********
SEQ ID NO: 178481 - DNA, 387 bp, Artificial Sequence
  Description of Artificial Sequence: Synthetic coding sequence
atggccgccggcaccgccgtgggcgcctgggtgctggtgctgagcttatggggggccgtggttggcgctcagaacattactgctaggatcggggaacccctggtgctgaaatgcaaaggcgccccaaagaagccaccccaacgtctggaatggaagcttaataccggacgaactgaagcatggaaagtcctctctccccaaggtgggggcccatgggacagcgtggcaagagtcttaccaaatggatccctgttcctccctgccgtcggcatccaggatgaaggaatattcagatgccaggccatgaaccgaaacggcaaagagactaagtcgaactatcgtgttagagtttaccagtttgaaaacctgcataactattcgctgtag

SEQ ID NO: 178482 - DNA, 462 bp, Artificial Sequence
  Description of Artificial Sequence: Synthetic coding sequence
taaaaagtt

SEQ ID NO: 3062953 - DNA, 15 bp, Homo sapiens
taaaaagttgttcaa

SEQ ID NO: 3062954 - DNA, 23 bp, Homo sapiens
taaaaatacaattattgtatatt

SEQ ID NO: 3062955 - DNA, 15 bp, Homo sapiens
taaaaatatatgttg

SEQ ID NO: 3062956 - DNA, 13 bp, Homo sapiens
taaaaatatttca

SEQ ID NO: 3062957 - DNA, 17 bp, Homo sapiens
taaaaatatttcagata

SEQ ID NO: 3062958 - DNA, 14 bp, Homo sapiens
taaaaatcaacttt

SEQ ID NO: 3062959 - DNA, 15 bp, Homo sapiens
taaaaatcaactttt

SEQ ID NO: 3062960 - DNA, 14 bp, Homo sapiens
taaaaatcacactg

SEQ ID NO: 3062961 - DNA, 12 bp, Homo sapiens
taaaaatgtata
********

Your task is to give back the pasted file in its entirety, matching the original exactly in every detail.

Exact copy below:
SEQ ID NO: 178481 - DNA, 387 bp, Artificial Sequence
  Description of Artificial Sequence: Synthetic coding sequence
atggccgccggcaccgccgtgggcgcctgggtgctggtgctgagcttatggggggccgtggttggcgctcagaacattactgctaggatcggggaacccctggtgctgaaatgcaaaggcgccccaaagaagccaccccaacgtctggaatggaagcttaataccggacgaactgaagcatggaaagtcctctctccccaaggtgggggcccatgggacagcgtggcaagagtcttaccaaatggatccctgttcctccctgccgtcggcatccaggatgaaggaatattcagatgccaggccatgaaccgaaacggcaaagagactaagtcgaactatcgtgttagagtttaccagtttgaaaacctgcataactattcgctgtag

SEQ ID NO: 178482 - DNA, 462 bp, Artificial Sequence
  Description of Artificial Sequence: Synthetic coding sequence
taaaaagtt

SEQ ID NO: 3062953 - DNA, 15 bp, Homo sapiens
taaaaagttgttcaa

SEQ ID NO: 3062954 - DNA, 23 bp, Homo sapiens
taaaaatacaattattgtatatt

SEQ ID NO: 3062955 - DNA, 15 bp, Homo sapiens
taaaaatatatgttg

SEQ ID NO: 3062956 - DNA, 13 bp, Homo sapiens
taaaaatatttca

SEQ ID NO: 3062957 - DNA, 17 bp, Homo sapiens
taaaaatatttcagata

SEQ ID NO: 3062958 - DNA, 14 bp, Homo sapiens
taaaaatcaacttt

SEQ ID NO: 3062959 - DNA, 15 bp, Homo sapiens
taaaaatcaactttt

SEQ ID NO: 3062960 - DNA, 14 bp, Homo sapiens
taaaaatcacactg

SEQ ID NO: 3062961 - DNA, 12 bp, Homo sapiens
taaaaatgtata